"Well if you find the time, I would appreciate. But, as I said, Its likely an effort in futility. I'll probably just have the Political Officer deal with it." Sveta shakes her head. "But I have not been to Odessa, either. My husband's mother is from there. She and my daughter were evacuated from Kharkov but I have not heard from them for some time." You can't fake frustration and concern like she's trying to swallow. The woman isn't close to losing it but her jaw sets and it hurts. Maybe even physically. "But I'm sorry. You said Pyatigorsk? I'm afraid I don't know it. Where is that from here?"

"Many things are efforts in futility. Yet, we press on," Sokolof says around his cigarette. His manner shows a touch more sympathy when she mentioned her daughter. Just a bit. His gaze to her is still a bit sideways. Another puff is taken on his cigarette before he sets it down in his ashtray again. "It is far to the west, and not a place of much note. I came to Stalingrad for training and work, as I said, but I've still family back there. My son and daughter are there now, with my sister's family. It is far from all this, and small enough to be of little care to the Fascists, I hope."

Sveta clasps her hands and looks back to Sokolof, even if he won't look at her straight. Either it doesnt bother her or she's used to it. "I hope for the sake of your family they never bother to care about it. I'm sure your wife is worried sick. I know I was when my husband was sent off. It makes us all turn in our beds." She clears her throat and reaches for the glass once more. "How often do you all get to write each other? Is the post still working between here and there?"

Sokolof grimaces some when Sveta mentions his wife. He replies shortly, without looking at her, "She is beyond the worries of these times. My Nadya has been gone some three years now." He drinks some after stating that, silent for a moment. It's not a particularly comfortable quiet but he shows little inclination to break it right away. He does finally reply, "I try to write my children weekly. The letters come infrequently now, especially across such a distance, but the post still runs. I am not sure if it is less efficient now than it was before the Fascists came." He smirks at his minor dig at the state mail system.

"Apologies, my friend. I'm sorry. I lost my own husband sometime last year to the Germans. But sometimes my mouth moves faster than it should. It gets me into a good bit of trouble." Sveta clears her throat and sips at the vodka again. "At least you have contact with your children, though. That's a blessing." There's a bit of a sympathetic smile to the man for his dig at the mail system. "Yet we press on," she repeats of his own words. "Do you know if there has been a general call-up of civilians here in Stalingrad?"

Sokolof waves his free hand, dismissing the apology as unnecessary. "It is of no moment. And I am sorry for your loss as well. I would say time dulls the pain, and I suppose it does. But I shall not lie, it is still a loss I feel most keenly. But we press on, yes." Drink. He finishes his vodka, eyeing the glass, as if pondering the pros and cons of another. To the question, he shakes his head. "It has not come to that yet. I suspect they will call to the militiamen and reserves before the general populace." Still, he sounds more fatalistic than hopeful. The possibility looms.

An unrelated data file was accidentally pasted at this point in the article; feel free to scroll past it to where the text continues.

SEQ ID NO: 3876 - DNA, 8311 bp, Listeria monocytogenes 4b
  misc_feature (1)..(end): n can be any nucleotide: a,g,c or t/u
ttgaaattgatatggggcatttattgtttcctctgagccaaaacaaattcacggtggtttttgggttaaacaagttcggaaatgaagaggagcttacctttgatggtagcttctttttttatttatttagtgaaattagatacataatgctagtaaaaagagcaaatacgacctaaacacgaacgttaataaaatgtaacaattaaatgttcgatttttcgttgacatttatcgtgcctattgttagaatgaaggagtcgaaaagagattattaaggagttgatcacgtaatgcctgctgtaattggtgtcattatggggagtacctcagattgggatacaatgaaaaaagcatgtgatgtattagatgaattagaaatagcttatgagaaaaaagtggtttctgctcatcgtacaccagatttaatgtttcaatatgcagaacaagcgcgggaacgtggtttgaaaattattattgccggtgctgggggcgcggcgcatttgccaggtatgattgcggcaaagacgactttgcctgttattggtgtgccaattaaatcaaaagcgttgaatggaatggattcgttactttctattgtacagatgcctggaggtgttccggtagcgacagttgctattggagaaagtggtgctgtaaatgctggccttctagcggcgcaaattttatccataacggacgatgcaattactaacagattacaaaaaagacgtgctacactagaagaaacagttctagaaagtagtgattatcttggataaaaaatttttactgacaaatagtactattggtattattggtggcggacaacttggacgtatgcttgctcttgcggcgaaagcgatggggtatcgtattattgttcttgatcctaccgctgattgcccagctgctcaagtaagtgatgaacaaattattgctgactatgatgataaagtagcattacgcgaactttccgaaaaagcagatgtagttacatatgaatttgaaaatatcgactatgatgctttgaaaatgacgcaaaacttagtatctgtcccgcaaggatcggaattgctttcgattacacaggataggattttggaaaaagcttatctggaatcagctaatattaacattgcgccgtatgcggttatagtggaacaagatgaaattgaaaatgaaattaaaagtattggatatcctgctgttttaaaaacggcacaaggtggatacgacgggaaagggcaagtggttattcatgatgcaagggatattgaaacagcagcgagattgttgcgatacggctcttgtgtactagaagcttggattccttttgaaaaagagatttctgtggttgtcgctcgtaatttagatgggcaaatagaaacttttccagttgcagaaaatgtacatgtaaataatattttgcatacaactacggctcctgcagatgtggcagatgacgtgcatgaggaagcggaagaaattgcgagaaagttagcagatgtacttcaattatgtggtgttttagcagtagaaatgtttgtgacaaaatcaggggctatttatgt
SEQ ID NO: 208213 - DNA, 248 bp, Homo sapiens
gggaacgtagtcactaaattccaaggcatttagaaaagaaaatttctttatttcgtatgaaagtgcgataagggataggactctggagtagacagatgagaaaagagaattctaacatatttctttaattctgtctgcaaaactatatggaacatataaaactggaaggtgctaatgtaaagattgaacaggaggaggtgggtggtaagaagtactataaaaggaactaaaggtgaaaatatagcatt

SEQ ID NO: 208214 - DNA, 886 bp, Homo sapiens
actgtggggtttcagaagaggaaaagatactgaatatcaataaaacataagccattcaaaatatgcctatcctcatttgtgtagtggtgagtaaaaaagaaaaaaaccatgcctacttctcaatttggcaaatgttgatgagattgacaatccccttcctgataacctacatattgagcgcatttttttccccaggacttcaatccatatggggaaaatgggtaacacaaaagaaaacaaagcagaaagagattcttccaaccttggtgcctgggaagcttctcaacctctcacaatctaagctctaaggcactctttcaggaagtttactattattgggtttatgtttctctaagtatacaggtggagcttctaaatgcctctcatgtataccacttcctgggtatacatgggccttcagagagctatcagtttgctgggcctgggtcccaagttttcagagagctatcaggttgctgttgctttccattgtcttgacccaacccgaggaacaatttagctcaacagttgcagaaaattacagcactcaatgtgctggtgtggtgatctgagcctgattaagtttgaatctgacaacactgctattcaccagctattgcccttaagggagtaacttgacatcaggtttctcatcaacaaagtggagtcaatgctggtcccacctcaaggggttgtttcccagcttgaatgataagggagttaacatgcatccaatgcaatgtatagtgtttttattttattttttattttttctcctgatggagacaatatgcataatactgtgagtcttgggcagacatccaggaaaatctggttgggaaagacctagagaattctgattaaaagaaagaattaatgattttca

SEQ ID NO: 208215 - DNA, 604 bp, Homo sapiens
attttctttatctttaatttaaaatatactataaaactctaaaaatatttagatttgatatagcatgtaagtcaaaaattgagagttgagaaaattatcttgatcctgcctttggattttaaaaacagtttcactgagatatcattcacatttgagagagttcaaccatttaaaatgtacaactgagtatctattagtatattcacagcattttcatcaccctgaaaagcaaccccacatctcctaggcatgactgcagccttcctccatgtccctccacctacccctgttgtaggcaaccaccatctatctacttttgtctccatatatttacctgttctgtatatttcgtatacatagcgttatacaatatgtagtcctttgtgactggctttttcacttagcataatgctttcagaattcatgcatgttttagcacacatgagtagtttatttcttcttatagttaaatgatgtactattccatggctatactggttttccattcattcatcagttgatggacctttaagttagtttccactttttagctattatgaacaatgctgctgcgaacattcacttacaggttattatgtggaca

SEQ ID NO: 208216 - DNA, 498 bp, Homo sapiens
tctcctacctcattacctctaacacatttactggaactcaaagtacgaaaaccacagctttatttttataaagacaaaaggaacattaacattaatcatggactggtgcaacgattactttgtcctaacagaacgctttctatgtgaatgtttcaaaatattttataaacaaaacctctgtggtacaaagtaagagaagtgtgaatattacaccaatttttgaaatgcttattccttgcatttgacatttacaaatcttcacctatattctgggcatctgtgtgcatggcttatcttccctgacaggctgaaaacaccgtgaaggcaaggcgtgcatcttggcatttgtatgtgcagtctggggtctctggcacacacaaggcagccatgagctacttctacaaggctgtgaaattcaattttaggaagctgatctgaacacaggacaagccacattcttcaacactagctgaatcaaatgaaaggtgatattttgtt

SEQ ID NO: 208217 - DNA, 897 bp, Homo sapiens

"The truth. I don't know when my husband died. I know he stopped writing a week after he left. I received all my letters to him back in bulk about five months later. For every German I killed around Kharkov, it helped a little more. Though Im not sure my heart will ever be mended." Sveta looks to the bottom of her glass. "They will probably have to. We were told we were only going to be fighting a small number of Germans. I heard rumors that the Generals knew better which is why they recruited us as they did before the fighting. I don't know what's true except that we needed every man and woman we could just to hold them for a few weeks. It was..difficult." Understatement of The Year.

"Nadya died of pneumonia. There is little to revenge oneself on from that." Sokolof picks up his empty glass but makes no move to refill it. His cigarette's smoked down, and his puts it out in his tray. "There is certainty to it, at least. These, these are difficult times, Comrade Kornakova." Yet more understatement. He still eyes her somewhat askance, but he seems more thoughtful now. And, perhaps, more troubled. "I shall not have time to give your name to the government office tomorrow, I do not think." A shrug. "The next day, perhaps. I bid you good-night." That said, he stands. "Vodka is good to help one sleep."

Sveta lifts her glass towards Sokolof with his words about his wife. "Behind every strong Soviet man is a stronger woman. We fight to stay as long as we can," she allows reverently. The axiom goes back centuries in one version or another. A quick sip of the vodka and she settles it back into her lap. "Well, if you feel you need to talk to him, I am here, friend. I have nothing to run to or anyplace to go, I fear. Sleep well and my warm dreams find you." She stays on the couch, leaning her head back. She'll probably pass out in exactly that same position.

"Sleep well," Sokolof echoes. He's housebroken enough to return his dirty glass to the kitchen before heading back up the stairs to his room. Leaving Sveta to enjoy the comforts of communal furniture and vodka.